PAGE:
There are no forms or samples customized to your situation. Most judges will request that you obtain an attorney. If you insist on going pro se, you will have to learn all the rules and present the motions, legal briefs and evidence just like a professional lawyer would. The judge will not give you a break because you are pro se. He or she has to maintain proper courtroom decorum and cannot appear to be favoring or assisting one side.
It may not seem so now, but in the end, you will be better off financially if you hire a skilled lawyer as your advocate.
In my opinion, your best bet would be to talk to a divorce lawyer in person to get the guidance you are seeking. Unfortunately, what you need to know cannot be explained easily by the Avvo question-answer method.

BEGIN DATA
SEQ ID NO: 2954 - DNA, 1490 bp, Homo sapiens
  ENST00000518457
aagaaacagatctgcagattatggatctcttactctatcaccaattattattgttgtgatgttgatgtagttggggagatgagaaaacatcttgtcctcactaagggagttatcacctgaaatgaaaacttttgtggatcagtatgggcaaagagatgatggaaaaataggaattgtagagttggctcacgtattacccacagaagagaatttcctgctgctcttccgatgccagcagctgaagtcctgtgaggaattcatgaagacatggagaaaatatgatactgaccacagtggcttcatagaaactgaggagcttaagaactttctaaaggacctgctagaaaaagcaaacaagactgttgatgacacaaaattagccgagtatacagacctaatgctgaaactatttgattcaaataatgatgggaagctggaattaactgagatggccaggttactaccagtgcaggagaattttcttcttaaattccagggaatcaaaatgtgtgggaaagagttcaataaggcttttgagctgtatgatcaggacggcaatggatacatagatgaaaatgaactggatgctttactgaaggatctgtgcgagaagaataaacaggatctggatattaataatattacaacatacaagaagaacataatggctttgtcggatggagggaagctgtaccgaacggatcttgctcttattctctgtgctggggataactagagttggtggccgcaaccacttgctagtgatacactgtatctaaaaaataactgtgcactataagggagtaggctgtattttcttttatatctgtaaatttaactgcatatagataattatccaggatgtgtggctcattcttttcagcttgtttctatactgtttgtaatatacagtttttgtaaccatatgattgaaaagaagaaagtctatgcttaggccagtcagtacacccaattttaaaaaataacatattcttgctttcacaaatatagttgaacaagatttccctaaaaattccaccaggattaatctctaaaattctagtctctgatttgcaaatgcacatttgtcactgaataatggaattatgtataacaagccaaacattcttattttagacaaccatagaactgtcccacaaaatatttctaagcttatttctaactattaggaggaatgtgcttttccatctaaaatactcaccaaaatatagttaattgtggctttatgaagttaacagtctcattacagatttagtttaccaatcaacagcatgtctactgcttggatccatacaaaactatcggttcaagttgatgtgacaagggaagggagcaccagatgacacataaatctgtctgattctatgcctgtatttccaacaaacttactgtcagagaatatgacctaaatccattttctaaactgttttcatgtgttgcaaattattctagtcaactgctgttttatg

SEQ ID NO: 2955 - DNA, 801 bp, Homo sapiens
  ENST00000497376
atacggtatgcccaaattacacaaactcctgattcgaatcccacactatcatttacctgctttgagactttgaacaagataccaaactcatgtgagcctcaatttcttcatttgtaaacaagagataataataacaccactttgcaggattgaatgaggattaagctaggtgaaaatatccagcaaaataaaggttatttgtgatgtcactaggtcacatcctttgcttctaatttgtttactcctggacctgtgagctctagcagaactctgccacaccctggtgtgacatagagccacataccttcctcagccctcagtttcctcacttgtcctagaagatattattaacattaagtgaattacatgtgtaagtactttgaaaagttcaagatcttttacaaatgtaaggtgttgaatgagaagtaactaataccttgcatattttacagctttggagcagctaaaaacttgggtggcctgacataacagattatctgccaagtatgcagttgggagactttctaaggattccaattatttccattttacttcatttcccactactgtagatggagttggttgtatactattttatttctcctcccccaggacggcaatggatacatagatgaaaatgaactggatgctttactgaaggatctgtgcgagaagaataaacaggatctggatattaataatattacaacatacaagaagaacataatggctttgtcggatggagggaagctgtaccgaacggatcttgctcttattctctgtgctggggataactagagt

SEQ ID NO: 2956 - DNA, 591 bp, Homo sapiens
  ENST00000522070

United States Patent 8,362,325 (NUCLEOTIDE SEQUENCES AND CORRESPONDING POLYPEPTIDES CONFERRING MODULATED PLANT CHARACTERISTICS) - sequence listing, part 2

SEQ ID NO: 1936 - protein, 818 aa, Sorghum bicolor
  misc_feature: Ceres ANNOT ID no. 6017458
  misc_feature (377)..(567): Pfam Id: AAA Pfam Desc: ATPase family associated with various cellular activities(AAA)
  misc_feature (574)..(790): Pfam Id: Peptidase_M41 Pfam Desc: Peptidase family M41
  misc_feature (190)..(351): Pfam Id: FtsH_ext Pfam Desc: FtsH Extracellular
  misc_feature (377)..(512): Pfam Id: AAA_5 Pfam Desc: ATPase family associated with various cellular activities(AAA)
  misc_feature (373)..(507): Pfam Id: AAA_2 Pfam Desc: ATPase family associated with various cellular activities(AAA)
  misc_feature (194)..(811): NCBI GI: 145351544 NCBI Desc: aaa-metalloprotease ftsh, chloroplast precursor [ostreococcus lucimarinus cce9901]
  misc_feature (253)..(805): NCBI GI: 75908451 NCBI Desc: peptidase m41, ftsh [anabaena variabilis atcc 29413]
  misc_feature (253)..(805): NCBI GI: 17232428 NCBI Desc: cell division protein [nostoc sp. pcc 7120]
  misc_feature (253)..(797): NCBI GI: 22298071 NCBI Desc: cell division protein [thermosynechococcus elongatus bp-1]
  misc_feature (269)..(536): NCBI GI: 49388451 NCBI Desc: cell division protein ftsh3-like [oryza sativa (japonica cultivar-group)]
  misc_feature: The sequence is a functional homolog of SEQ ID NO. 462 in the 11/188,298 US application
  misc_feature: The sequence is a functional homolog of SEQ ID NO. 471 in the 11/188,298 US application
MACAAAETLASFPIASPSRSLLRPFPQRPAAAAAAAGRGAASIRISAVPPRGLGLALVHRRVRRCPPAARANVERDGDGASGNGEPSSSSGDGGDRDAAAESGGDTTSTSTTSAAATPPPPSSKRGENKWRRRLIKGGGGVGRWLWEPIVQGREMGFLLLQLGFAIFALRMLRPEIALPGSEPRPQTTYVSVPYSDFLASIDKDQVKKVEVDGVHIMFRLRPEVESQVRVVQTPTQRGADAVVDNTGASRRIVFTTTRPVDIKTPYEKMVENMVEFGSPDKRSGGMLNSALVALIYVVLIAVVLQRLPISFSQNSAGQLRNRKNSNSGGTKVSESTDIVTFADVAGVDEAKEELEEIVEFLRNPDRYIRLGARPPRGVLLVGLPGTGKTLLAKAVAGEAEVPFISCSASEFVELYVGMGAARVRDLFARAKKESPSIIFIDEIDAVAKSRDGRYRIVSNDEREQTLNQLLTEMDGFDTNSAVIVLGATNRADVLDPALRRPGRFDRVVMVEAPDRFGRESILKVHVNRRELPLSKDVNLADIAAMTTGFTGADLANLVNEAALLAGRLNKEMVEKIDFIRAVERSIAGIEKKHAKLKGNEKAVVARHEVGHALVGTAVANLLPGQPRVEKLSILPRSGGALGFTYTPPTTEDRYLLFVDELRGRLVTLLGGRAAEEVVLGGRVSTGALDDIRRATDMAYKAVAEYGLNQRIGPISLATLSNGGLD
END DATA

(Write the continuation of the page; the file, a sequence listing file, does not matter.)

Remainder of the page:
Whatever Avvo attorneys recommend in writing cannot be enough to make you comfortable with the task at hand. For example, just telling you where to go to get your file to the appropriate courtroom would require several paragraphs. One-on-one instructions would be more practical.
You may always choose to represent yourself, but it is never advisable. If there is a violation or failure to comply with an Illinois Judgment, you may file a Petition for Rule to Show Cause wherein you may request the Court to make a finding of contempt.